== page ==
The drive to strengthen protection of customers’ funds has been a rallying call from the Bank of Uganda Governor who wants commercial banks step up safeguards
The banking industry is considered one of the most protected businesses on the planet, yet even the strict controls have not spared the industry from new threats in the digital age.
Exim Bank of Uganda managing director, Sebhapathy Krishnan, says the rollout of new, innovative digital products will depend on the ability to handle emerging cyber threats.
"A technology-driven world is good for business. What is important is to manage risk and mitigate threats," he said during the launch of the Exim Bank Visa Prepaid Card.
Krisnan says multiple layers of security features on digital platforms are required to guarantee that customers' funds are safe from fraudsters.
Prepaid cards allow customers access to their funds any time through electronic and digital channels while de-congesting the banking halls and reducing the cost of transactions.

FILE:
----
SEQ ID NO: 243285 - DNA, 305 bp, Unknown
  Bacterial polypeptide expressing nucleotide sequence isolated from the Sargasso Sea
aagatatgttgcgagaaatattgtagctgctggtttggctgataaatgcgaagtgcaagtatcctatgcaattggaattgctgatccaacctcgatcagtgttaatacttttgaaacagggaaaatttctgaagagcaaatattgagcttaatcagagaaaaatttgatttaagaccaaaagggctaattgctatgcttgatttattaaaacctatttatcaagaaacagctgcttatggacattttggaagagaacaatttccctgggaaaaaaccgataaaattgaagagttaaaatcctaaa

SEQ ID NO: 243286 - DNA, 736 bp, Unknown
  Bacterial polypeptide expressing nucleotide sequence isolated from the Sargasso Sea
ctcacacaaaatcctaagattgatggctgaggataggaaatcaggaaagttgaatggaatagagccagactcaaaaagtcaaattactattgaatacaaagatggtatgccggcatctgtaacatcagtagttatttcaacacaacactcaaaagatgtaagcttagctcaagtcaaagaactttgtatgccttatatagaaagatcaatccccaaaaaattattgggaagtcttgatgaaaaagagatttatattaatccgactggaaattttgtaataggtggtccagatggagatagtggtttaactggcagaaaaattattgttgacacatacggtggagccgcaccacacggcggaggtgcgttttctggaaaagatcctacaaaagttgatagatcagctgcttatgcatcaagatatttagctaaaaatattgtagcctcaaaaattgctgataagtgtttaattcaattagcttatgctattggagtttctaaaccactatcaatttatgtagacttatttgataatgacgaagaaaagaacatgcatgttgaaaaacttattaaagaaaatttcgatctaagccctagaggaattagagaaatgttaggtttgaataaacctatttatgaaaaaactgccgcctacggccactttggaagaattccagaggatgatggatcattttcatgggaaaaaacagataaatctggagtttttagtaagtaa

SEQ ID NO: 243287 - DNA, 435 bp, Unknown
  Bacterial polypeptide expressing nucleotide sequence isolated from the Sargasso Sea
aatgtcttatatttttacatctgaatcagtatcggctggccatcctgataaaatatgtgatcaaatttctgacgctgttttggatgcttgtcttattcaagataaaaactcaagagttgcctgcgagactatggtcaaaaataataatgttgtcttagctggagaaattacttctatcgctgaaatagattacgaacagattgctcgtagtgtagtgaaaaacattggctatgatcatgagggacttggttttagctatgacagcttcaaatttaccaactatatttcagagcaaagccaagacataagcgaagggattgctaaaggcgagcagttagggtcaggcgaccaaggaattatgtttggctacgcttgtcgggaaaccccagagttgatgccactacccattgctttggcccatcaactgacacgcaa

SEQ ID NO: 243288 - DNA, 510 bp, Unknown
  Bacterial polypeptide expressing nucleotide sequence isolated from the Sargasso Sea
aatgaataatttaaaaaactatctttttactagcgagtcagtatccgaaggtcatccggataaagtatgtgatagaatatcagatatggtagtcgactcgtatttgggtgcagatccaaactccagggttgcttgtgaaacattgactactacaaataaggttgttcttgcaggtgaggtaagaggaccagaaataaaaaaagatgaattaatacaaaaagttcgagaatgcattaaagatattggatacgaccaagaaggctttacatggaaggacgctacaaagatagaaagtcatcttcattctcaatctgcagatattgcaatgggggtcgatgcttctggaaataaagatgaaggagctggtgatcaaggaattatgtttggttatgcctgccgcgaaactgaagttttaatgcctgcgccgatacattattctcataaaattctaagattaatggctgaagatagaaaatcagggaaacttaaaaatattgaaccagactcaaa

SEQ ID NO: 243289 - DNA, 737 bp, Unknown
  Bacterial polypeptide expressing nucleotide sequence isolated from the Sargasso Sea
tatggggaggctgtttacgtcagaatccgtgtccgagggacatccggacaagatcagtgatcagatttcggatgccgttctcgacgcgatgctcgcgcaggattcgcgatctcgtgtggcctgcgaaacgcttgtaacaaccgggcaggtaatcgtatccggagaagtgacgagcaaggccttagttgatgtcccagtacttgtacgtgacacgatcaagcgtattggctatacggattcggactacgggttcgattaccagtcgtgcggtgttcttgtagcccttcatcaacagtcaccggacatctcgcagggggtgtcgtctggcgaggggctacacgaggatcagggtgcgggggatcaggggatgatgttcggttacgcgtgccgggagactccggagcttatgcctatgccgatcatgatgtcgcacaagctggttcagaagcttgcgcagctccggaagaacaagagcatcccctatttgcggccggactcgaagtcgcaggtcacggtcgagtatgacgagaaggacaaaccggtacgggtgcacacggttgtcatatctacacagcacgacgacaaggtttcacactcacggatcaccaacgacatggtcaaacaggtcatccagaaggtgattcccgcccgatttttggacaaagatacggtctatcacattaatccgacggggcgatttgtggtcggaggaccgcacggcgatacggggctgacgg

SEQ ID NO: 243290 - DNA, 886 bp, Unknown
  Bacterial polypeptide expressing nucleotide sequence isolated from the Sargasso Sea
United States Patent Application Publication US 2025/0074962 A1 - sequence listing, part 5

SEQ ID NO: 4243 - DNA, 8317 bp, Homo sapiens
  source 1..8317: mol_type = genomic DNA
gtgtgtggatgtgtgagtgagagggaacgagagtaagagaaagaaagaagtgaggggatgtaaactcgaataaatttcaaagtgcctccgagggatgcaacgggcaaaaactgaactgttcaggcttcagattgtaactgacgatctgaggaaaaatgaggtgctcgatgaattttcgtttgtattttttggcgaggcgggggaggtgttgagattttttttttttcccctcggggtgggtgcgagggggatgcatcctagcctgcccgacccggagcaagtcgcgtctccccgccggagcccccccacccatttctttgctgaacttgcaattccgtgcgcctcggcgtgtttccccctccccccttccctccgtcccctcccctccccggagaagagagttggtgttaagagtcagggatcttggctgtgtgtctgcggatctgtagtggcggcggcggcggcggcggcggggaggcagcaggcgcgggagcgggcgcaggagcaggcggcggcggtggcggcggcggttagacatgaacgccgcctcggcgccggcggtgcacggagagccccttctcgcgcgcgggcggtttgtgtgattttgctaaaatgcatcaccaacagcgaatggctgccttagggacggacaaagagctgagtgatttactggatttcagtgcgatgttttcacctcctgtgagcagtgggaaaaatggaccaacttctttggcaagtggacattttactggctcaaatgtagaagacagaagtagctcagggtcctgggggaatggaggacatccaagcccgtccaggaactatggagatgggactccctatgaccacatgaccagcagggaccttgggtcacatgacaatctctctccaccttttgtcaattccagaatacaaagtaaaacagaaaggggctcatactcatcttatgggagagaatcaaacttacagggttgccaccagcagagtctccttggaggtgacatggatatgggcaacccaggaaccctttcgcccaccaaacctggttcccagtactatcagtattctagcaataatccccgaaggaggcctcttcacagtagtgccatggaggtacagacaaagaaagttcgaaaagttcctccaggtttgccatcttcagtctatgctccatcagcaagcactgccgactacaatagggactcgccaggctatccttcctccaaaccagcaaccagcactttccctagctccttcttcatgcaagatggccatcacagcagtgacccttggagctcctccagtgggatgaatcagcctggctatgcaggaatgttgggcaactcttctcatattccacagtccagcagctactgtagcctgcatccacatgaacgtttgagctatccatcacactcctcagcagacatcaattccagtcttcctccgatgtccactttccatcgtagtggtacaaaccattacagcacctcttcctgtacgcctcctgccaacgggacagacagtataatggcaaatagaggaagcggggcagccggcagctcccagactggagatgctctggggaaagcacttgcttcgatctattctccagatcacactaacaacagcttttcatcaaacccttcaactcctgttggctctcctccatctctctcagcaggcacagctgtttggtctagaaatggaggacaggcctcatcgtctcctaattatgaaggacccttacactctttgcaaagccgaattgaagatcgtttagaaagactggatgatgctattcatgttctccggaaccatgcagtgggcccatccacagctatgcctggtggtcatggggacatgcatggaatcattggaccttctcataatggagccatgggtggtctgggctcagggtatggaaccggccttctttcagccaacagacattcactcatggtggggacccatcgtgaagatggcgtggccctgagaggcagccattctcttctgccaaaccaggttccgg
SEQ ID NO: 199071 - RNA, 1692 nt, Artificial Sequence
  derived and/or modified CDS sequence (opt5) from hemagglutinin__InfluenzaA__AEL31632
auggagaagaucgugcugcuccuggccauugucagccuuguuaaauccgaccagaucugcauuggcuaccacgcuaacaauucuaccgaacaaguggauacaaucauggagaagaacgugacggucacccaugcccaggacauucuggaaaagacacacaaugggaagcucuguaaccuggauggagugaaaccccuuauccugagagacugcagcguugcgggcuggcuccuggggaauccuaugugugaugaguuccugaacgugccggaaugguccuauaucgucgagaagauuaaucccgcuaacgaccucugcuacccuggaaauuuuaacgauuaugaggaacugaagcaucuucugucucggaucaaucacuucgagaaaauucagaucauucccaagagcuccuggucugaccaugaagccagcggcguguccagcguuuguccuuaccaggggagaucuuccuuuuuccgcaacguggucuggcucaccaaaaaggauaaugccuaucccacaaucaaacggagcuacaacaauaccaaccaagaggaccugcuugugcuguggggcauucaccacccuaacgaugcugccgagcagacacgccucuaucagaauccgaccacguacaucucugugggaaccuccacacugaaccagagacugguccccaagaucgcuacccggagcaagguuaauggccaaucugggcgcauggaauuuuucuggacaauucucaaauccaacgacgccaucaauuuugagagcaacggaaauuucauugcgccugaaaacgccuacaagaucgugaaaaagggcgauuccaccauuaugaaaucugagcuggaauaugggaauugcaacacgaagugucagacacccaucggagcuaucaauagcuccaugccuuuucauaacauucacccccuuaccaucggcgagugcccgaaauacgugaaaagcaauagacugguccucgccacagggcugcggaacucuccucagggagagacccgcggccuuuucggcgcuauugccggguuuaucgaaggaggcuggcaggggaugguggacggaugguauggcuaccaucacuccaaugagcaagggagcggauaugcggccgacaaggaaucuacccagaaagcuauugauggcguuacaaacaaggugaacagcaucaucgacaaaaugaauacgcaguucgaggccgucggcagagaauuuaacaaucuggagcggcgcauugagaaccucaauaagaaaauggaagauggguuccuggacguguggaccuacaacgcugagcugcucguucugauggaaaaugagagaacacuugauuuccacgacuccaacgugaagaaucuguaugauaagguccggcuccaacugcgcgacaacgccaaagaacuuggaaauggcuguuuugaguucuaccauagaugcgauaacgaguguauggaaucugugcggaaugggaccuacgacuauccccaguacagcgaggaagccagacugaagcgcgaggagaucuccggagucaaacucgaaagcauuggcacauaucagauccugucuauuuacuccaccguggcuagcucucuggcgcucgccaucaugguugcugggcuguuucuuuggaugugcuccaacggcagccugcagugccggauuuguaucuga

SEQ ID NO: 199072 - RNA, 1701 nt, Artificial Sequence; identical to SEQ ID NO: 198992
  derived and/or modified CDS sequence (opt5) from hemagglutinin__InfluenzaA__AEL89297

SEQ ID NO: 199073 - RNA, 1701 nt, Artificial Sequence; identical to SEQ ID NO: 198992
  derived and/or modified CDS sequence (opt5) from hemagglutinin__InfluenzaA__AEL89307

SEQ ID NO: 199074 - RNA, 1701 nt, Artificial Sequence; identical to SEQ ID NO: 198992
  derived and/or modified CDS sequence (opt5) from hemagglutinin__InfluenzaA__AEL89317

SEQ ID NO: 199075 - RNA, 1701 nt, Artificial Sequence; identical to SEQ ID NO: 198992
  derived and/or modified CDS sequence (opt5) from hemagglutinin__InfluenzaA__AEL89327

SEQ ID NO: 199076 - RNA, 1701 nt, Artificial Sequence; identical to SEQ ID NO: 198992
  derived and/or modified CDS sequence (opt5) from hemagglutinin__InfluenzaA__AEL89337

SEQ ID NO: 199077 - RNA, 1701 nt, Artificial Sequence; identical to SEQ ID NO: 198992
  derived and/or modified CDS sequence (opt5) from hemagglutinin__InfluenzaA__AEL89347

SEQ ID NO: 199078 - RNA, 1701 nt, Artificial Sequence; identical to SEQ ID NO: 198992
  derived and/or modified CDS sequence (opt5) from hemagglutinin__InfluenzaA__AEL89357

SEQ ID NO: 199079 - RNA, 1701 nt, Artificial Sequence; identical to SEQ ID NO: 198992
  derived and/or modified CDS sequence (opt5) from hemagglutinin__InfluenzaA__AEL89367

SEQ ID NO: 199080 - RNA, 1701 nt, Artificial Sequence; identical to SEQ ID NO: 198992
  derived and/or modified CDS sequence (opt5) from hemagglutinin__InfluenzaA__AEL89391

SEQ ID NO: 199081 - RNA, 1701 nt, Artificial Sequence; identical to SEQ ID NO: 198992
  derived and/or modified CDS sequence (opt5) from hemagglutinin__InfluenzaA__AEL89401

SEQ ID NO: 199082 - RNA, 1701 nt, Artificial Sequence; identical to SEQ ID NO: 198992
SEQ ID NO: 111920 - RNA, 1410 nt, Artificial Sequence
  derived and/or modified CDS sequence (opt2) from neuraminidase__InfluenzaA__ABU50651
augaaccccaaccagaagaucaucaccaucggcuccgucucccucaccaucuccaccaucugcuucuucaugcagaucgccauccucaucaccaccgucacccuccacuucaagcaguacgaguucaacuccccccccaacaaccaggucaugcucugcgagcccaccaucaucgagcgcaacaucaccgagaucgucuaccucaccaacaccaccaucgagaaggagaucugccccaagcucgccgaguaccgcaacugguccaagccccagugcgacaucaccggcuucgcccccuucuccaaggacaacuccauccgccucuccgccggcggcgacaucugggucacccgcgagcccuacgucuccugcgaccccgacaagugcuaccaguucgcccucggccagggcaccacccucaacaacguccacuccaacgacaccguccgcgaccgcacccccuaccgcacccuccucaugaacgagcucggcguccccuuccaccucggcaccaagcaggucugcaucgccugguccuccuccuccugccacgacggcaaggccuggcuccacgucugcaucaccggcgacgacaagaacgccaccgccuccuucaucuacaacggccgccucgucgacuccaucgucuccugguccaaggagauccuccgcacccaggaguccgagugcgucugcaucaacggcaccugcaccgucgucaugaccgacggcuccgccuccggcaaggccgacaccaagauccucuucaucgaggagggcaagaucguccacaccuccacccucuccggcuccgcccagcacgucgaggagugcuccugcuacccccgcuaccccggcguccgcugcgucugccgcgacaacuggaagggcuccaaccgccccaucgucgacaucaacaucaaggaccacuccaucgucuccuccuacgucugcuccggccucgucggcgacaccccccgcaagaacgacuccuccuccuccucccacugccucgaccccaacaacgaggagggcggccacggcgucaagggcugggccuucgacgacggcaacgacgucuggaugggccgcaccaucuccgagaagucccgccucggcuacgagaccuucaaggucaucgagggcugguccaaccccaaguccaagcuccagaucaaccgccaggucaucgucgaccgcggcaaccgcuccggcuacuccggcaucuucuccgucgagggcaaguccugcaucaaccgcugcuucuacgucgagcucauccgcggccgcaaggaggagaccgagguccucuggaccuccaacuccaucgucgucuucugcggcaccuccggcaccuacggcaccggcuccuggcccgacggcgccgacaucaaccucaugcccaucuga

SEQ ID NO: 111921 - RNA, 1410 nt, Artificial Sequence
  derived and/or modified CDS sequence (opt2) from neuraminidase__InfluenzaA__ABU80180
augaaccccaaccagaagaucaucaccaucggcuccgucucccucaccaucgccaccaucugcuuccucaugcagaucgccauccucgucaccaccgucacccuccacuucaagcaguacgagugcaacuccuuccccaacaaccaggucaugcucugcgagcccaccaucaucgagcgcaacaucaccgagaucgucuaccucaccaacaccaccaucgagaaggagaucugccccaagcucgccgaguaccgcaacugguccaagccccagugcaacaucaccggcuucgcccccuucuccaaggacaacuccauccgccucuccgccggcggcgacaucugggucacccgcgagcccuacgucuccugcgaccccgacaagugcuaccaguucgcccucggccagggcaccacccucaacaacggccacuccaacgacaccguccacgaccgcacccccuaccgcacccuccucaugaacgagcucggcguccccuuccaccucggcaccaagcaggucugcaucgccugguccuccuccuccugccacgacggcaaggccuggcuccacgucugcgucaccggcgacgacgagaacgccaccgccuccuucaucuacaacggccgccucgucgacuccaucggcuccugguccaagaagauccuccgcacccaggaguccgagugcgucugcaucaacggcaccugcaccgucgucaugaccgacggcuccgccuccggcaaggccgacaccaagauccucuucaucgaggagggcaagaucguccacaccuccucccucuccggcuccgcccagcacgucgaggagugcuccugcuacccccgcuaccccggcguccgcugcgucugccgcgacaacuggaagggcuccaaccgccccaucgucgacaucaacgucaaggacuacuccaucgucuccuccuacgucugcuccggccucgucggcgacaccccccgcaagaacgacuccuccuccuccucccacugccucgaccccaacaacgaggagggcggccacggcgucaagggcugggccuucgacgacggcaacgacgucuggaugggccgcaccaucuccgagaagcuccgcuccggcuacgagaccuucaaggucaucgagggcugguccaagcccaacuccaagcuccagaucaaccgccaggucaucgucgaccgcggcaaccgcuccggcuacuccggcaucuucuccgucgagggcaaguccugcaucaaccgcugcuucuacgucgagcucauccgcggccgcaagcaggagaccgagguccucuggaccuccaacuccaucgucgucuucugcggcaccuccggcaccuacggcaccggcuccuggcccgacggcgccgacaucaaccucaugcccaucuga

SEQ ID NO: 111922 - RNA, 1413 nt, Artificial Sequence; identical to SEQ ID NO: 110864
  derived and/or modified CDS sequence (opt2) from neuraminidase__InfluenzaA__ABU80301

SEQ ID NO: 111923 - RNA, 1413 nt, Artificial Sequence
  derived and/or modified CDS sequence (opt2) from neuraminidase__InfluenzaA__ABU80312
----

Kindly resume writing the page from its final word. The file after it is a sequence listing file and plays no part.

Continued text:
For instance, the Exim Bank Visa Prepaid Card allows users a maximum of sh25m or $15,000, which is accessible to customers anytime at different locations.
Transactions like online shopping are handled with ease while customers can access their money in more than six currencies across the world at low cost, making foreign travel much easier.
The drive to strengthen protection of customers' funds has been a rallying call from the Bank of Uganda Governor, Tumusiime Mutebile, who wants commercial banks step up safeguards.
In the age of technology-driven innovations, taming cyber fraud should be a top priority for banks, to ensure their customer accounts protected from cyber fraud, Mutebile advises.
According to Moses Watasa, the commissioner for information dissemination, monitoring and inspection in the Office of the Prime Minister, Uganda's regulatory environment encourages the banking industry will grow.
Wetasa says the rapid growth in the use the internet for banking purposes over the next five years, which he sees as an attraction for key players.
Tapping into the large pool of unbanked and underbanked customers, promoting the uptake of electronic and digital channels in banking is seen as a way to improve financial inclusion.
About 11% of Ugandans save with commercial banks, just about half of the 23% who save money on the mobile money platform, according to the 2018 FINSCOPE report.